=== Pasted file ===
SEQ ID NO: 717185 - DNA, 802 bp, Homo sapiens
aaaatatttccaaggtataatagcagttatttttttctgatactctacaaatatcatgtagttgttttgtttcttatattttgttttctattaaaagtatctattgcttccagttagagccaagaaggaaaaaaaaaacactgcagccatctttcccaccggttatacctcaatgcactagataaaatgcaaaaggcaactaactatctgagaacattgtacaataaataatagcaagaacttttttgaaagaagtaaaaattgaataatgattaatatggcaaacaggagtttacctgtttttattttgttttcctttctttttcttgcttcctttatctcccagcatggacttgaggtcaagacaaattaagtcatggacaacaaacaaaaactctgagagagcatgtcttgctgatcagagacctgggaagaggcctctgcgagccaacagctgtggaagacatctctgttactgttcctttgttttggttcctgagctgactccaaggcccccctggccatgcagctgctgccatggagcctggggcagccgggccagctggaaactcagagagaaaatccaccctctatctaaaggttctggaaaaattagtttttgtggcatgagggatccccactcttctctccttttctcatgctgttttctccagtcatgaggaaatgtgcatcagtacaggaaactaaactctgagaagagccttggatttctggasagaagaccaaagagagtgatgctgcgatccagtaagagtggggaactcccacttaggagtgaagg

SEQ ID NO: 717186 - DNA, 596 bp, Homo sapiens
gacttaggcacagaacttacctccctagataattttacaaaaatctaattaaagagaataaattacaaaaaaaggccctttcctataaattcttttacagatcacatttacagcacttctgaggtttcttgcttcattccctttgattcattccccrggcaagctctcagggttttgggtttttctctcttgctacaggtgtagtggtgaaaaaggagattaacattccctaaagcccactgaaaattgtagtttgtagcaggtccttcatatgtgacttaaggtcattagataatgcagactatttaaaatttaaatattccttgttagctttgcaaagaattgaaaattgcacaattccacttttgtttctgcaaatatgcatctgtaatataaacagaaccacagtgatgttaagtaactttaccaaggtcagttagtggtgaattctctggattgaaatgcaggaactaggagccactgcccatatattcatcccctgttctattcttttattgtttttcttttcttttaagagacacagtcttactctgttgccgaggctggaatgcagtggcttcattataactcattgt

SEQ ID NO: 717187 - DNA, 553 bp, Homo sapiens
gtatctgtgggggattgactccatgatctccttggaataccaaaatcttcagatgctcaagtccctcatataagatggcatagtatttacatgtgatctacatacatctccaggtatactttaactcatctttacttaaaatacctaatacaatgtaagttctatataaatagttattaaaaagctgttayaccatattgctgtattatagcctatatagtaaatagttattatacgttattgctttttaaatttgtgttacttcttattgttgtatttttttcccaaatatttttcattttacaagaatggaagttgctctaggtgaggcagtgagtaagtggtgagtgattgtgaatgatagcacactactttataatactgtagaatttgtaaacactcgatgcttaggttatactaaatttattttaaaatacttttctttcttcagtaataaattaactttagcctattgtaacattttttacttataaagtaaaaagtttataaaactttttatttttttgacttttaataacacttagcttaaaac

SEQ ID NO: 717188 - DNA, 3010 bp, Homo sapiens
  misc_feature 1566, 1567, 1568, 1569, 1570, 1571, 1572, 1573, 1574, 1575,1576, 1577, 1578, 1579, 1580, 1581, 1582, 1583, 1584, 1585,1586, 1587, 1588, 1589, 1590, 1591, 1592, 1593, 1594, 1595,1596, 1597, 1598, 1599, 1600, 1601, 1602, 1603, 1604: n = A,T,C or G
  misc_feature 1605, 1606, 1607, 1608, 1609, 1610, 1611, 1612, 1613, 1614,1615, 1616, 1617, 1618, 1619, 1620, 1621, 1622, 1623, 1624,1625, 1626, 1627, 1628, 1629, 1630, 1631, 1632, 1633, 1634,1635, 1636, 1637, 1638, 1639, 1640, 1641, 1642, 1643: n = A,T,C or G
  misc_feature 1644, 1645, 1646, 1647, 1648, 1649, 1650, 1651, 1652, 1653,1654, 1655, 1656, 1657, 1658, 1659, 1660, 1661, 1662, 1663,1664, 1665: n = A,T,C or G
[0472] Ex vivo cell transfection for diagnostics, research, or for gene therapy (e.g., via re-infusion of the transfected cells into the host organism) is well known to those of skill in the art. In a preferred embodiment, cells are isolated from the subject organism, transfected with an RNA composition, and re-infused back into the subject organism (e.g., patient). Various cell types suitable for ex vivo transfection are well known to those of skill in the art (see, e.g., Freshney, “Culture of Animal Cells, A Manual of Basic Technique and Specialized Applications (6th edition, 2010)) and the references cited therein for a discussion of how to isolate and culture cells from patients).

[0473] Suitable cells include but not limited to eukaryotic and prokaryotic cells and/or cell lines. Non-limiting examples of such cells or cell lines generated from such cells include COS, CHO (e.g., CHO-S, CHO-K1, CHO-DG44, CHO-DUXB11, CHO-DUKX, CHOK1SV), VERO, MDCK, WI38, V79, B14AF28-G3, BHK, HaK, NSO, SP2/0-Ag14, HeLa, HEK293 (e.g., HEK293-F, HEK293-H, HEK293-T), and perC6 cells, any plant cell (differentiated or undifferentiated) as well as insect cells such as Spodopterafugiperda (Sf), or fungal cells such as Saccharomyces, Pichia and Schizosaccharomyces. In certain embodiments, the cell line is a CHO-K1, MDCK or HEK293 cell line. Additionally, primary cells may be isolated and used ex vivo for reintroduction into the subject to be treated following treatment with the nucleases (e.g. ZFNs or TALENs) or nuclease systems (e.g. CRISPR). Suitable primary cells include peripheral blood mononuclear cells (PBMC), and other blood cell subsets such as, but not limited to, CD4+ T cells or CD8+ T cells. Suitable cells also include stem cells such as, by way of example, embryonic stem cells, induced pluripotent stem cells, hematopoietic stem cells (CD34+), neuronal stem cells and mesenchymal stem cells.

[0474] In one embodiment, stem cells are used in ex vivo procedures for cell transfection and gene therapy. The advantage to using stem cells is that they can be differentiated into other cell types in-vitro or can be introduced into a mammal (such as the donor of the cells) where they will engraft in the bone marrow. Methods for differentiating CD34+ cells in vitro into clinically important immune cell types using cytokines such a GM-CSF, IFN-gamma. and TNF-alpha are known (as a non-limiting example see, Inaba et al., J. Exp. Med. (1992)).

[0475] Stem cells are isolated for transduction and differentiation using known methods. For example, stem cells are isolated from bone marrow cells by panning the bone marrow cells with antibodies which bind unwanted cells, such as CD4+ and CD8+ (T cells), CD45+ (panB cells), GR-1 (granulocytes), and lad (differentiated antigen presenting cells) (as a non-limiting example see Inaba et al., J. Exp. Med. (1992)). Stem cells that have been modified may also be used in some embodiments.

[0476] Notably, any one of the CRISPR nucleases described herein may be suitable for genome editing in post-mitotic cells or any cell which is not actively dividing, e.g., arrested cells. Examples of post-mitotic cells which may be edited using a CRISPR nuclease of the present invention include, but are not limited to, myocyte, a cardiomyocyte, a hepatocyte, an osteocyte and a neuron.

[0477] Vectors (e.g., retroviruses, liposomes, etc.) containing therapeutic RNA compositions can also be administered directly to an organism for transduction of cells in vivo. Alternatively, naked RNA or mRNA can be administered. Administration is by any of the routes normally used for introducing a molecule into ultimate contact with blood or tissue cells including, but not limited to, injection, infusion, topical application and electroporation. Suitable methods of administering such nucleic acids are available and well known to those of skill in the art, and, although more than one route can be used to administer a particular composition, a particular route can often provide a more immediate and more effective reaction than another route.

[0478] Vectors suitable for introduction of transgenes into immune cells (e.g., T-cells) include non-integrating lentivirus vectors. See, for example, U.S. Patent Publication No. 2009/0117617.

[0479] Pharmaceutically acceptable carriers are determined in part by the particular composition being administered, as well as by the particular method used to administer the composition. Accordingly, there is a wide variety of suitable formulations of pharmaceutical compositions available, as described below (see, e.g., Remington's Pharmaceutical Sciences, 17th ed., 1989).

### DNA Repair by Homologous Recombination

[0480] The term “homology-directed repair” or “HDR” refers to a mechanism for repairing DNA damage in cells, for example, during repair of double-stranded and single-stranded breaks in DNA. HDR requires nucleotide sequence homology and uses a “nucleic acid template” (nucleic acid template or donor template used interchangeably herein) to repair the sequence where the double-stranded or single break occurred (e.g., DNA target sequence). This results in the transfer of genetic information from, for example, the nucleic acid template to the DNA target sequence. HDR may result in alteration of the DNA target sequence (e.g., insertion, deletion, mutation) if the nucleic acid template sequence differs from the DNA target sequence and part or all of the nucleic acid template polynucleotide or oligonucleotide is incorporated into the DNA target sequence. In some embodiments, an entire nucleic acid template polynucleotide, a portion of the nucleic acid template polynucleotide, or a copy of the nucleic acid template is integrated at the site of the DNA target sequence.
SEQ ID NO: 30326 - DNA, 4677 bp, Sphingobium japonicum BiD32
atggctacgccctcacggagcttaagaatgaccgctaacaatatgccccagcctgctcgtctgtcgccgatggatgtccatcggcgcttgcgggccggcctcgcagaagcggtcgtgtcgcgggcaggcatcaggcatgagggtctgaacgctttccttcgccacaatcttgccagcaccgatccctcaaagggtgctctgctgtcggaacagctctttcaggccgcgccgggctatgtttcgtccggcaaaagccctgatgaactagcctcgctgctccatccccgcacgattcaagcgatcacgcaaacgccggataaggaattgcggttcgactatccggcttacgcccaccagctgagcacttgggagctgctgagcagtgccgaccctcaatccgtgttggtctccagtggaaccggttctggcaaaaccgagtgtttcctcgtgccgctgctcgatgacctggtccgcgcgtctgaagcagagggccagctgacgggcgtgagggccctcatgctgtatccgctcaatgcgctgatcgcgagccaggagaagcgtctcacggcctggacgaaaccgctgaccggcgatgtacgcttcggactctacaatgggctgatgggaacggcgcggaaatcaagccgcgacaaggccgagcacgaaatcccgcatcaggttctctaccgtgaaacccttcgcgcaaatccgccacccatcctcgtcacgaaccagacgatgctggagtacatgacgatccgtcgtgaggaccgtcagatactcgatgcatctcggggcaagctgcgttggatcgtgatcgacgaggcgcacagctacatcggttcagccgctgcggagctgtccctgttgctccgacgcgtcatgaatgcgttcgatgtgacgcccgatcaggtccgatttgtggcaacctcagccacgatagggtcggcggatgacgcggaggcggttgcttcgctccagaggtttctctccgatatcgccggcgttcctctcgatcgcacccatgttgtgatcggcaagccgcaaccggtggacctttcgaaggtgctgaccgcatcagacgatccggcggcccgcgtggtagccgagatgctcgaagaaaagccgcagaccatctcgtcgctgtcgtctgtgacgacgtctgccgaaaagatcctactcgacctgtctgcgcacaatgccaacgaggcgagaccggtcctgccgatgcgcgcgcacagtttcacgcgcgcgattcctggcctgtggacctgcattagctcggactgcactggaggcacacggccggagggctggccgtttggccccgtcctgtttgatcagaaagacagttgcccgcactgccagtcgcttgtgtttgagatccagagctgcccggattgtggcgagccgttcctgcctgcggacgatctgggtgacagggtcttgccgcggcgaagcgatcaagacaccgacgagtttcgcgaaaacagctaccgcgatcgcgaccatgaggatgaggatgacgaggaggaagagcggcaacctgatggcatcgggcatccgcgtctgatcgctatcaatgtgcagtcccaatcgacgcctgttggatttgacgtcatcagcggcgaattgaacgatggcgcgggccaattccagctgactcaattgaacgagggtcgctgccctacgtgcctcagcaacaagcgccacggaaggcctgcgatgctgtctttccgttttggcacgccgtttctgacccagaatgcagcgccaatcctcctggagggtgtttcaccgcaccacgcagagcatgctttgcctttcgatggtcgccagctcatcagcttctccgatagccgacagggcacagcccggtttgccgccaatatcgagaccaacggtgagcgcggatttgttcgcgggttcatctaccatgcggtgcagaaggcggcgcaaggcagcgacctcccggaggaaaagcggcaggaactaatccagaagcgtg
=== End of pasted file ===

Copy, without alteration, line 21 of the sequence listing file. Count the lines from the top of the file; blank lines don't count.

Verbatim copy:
SEQ ID NO: 30326 - DNA, 4677 bp, Sphingobium japonicum BiD32